Fitness myths get started because we all react to exercise and diet a little different than anyone else. So what might work for you, may not work for your friend, relative, etc… Even if you both have the same goal. This is why it is important to consult with a professional before starting a program. One should also obtain clearance from their physician
1. To protect my knees I should run on a treadmill.
Running is a great form of cardiovascular exercise and while running on a treadmill is easier on one’s knees than pavement (the treadmill has some “give” to it where the ground doesn’t). Running in general due to the force placed on your body is high impact and will stress the knees. Crosstrainers, stationary and rode bikes, elipitilitcals, etc… are great alternatives to running that are lower impact.
2. Doing abdominal exercises will get rid of your belly.
While doing abdominal movements are important to strengthen the muscle, they WILL NOT get rid of the excess fat on your stomach. The only way to see your abdominal muscles is to lower your body fat %. Since you burn fat from within and not outside in (the areas you have the most fat will be the last place you see changes). Incorporating cardiovascular training, resistance training, and a healthy diet are THE ONLY WAY to lower your body fat % and possibly see the “six pack” you’ve been hiding.
3. If I don’t sweat, I’m not working hard enough.
Sweating is a way for your body to cool itself. Some individuals are prone to sweat more than others. The foods you eat may also play a role in water retention.
4. Machines are always safer than free weights.
While machines are a great tool and tend to be easier and safer to use than free weights, if you are not properly aligned you can get hurt just as easy. Take advantage of the personal trainers at your facility and/or read the diagram on the machines to see what muscles you are working and where you should be placed.
5. If I am not sore the following day, I should work harder.
DOMS (Delayed Onset Muscle Soreness) is not a good indicator of a workout. One should focus on acute muscle fatigue. That is either fail or come close to failing once you are at your desired rep range (i.e. if you are trying for 10 reps you should not be able to perform 15). The more rest you get, the more you stretch, and a proper diet will all contribute to you recovering quicker and not being as sore.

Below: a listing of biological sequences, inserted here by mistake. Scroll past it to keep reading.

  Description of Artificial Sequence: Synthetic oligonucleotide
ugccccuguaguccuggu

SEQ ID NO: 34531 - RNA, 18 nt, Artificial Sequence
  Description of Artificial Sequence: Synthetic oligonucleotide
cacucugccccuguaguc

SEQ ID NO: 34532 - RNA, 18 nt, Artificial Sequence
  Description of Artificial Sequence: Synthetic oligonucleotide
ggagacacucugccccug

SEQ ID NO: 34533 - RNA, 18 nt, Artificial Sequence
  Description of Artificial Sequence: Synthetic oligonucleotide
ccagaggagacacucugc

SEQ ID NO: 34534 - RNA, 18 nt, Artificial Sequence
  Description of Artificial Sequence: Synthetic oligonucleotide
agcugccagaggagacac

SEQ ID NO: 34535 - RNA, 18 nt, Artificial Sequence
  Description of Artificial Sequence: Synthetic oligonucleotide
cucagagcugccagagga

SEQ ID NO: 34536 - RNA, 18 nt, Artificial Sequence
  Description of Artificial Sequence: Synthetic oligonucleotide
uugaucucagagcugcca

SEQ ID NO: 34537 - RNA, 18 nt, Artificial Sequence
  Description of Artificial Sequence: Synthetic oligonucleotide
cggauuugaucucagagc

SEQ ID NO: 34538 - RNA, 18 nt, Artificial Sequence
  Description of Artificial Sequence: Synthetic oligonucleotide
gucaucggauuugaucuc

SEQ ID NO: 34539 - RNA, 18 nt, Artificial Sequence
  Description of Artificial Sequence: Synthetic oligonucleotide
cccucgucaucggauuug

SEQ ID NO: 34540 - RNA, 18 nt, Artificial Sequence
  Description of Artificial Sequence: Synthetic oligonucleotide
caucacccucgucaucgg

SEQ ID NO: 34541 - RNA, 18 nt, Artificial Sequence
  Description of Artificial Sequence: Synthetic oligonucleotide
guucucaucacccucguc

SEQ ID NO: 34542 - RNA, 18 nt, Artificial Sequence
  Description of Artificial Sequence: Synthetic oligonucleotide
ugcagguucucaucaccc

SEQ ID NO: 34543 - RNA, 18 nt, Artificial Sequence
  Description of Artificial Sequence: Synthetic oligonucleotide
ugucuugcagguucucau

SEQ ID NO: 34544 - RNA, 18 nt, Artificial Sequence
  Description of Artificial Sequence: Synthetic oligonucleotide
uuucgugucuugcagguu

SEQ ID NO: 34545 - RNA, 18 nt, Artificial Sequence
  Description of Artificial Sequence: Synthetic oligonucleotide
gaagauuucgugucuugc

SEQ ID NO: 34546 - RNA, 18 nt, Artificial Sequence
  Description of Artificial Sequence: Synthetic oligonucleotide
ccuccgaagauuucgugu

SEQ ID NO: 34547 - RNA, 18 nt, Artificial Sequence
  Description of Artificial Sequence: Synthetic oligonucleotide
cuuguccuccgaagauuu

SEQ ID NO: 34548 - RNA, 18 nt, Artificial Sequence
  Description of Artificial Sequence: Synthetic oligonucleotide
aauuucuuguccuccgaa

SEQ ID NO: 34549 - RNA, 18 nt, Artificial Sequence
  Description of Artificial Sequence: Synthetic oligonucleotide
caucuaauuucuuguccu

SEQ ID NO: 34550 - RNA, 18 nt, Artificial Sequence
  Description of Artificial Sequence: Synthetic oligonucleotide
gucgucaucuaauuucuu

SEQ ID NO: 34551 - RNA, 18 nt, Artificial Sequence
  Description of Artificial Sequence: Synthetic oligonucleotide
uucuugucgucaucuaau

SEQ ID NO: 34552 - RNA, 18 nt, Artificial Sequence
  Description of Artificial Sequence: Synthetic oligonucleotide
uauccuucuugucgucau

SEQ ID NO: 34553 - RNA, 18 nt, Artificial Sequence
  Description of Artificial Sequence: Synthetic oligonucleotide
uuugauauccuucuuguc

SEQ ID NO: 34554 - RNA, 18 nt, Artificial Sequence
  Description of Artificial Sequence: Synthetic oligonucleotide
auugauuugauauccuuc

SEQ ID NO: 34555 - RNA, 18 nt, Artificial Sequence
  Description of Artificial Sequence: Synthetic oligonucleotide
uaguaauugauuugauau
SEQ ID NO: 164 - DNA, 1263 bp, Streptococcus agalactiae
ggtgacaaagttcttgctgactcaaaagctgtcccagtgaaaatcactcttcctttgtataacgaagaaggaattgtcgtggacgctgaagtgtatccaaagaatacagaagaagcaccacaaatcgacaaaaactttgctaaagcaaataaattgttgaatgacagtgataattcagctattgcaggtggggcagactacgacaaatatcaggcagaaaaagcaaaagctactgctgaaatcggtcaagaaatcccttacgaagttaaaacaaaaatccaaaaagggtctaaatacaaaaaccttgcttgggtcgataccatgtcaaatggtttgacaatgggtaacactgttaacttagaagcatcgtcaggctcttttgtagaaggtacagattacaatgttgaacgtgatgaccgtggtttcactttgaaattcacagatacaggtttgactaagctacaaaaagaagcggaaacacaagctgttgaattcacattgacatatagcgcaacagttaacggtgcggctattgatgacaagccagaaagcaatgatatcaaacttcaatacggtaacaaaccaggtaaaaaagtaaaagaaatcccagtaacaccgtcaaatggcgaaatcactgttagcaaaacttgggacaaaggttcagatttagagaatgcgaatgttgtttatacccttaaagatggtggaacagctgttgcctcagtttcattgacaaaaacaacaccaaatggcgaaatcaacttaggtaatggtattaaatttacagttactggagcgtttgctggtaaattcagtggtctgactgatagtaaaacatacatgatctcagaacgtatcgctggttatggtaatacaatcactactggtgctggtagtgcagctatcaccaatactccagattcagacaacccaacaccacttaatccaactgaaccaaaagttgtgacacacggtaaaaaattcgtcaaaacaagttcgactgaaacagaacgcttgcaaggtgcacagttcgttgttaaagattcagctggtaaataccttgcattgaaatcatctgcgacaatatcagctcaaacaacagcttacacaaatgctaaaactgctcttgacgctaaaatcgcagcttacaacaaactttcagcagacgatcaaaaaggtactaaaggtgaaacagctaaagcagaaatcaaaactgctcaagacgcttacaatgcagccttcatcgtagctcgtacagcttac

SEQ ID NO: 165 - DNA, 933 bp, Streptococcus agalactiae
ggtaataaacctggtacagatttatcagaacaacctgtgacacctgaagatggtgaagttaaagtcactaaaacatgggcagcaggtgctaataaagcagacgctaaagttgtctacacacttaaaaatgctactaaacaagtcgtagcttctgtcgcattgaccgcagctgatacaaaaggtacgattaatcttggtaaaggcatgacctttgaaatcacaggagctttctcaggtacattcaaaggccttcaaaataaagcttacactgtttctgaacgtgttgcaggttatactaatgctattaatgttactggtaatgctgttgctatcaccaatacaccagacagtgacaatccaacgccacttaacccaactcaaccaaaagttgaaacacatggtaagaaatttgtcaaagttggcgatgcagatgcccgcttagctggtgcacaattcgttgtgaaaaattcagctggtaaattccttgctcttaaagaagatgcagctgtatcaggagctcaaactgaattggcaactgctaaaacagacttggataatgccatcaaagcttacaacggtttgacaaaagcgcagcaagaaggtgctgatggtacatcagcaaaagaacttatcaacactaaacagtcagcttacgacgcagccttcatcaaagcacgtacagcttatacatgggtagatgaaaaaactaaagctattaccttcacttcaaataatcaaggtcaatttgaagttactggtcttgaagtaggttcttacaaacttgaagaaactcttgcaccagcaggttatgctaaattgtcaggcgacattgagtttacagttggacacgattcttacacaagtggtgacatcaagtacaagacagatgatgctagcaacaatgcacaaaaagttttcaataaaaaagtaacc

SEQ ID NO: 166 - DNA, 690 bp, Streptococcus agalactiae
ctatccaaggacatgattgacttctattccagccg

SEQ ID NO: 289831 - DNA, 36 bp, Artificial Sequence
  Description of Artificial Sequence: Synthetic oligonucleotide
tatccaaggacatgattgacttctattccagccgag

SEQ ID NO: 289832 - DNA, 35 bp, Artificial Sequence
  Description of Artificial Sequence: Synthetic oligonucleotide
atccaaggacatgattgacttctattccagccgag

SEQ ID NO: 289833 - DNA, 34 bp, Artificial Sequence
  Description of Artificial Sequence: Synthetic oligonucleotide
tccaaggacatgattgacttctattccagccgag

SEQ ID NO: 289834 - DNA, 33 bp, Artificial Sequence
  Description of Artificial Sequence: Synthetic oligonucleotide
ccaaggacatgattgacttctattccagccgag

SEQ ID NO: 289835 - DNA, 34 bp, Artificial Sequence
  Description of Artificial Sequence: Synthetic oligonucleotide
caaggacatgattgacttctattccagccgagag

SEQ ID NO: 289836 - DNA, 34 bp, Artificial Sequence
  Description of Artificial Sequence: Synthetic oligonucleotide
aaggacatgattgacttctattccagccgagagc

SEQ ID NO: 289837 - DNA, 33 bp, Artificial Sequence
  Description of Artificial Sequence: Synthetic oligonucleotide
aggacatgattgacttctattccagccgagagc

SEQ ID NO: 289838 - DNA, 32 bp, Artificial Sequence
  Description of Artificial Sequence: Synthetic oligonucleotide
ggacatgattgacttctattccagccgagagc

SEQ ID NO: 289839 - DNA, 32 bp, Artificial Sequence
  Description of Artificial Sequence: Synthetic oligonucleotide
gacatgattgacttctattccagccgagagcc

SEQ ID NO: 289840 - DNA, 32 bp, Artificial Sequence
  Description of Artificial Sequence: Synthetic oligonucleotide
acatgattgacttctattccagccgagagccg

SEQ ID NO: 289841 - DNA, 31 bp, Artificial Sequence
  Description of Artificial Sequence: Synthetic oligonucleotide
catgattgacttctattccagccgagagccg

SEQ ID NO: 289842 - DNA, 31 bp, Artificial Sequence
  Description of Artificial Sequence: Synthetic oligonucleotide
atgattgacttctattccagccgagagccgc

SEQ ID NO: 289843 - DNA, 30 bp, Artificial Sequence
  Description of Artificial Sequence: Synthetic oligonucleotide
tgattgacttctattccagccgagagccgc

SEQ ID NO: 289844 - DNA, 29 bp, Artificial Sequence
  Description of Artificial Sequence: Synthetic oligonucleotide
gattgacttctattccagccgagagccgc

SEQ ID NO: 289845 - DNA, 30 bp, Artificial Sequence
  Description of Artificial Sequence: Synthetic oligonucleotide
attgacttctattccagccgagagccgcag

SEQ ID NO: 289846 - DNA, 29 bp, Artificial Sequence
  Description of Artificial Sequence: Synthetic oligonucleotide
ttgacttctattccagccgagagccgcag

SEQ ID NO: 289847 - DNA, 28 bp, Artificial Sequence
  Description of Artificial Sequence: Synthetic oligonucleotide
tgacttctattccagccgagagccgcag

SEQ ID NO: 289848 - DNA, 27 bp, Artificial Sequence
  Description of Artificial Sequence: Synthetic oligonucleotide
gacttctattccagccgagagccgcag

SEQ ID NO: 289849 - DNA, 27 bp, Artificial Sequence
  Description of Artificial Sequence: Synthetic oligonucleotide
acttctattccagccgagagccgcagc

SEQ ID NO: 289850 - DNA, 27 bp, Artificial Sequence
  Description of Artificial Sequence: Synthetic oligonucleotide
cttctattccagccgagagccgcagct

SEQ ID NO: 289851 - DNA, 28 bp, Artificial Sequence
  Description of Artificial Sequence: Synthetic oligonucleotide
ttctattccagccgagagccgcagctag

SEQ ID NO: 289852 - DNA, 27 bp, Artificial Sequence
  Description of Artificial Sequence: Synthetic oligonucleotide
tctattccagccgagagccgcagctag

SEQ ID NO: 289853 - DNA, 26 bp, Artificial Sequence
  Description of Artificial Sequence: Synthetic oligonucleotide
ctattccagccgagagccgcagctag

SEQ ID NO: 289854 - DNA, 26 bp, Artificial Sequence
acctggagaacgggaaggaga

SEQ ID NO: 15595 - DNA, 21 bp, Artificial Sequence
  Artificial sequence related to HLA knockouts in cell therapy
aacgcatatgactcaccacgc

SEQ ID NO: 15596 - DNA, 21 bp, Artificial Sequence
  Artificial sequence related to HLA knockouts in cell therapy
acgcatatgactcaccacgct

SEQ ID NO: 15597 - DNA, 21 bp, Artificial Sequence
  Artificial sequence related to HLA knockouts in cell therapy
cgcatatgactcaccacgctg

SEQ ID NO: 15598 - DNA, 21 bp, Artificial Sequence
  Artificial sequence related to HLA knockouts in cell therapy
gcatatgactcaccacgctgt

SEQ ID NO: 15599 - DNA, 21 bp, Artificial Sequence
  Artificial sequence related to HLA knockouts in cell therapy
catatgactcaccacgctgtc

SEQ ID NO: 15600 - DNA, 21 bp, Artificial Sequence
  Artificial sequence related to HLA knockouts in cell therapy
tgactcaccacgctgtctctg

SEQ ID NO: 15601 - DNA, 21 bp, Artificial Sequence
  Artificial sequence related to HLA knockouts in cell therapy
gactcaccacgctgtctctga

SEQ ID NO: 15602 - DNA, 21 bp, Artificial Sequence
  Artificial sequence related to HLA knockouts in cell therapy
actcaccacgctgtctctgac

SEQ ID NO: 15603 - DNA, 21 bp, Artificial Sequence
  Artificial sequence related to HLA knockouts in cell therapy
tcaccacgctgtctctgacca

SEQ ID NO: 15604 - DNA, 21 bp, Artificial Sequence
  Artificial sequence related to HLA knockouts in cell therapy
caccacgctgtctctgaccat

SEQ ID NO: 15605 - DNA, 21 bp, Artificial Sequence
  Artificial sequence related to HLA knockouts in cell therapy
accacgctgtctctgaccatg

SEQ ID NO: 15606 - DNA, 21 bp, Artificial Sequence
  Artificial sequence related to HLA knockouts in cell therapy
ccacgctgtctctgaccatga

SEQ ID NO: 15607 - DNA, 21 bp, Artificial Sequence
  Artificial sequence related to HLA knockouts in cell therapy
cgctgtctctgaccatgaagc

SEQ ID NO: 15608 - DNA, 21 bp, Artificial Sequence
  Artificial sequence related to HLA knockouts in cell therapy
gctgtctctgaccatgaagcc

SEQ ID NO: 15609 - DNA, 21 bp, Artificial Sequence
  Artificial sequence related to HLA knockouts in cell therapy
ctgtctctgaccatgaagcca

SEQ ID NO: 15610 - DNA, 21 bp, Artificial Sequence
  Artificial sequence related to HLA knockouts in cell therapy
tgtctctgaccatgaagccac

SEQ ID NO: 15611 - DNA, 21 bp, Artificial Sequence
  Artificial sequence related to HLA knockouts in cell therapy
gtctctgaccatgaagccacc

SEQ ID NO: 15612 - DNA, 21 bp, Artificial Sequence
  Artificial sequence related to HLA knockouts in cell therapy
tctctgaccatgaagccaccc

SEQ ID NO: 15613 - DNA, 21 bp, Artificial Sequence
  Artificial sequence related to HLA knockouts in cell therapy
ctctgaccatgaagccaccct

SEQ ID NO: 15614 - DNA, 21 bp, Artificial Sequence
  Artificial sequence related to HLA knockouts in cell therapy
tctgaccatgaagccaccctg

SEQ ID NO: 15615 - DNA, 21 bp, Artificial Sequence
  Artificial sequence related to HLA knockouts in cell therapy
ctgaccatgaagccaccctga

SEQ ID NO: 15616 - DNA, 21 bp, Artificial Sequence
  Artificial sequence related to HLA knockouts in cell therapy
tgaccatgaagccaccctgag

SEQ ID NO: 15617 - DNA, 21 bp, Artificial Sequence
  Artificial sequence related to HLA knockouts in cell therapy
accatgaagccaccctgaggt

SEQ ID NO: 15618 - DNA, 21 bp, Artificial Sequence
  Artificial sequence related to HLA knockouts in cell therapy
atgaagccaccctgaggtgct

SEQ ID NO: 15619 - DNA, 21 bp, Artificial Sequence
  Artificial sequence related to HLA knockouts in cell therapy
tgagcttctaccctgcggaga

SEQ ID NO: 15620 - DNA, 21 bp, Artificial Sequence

6. It’s ok to train abs every day.
Your abdominal muscles are just that; a muscle. That being said just like any other muscle they need to time to recover. If you’re doing just a few reps here and there then it is ok to do daily. If however, you are training them intensely. That is doing multiple sets and reps for 10 minute or longer then you should allow at least a day to recover.
7. If I want to tone up I should do high reps and low weight.
This is not necessarily true. You’re diet and cardio will play larger roles in the definition of your muscles. Lifting will shape what you have, but it is the diet and cardio that will burn the fat and allow for more definition to be seen. Again, remember we burn from within, so the places you store the most will be the last places to see. High reps will typically burn more calories than doing heavier weight and lower reps, but will not do much for building muscle. This is why it is important to manipulate your reps and sets and determine which body parts are stimulated with light weights and which body parts need to have heavier weight.
8. In order to lose weight, I need to do hours of cardio and cut calories. This is not necessarily true. You may be burning the candle at both ends. If you restrict your calories to an amount that is below your BMR (Basal Metabolic Rate) your metabolism can slow down and force your body to want to store fat. If you’re just doing cardio, you will not be building muscle which burns more calories than fat (1lb of muscle burns 20-100 kcal per day, and 1lb of fat burns only 8 calories per day). Most women should not eat less than 1200-1300 calories and most men should be around 1700-1800 calories a day. Contact either myself or another certified trainer and/or dietician to help you determine your daily caloric needs.
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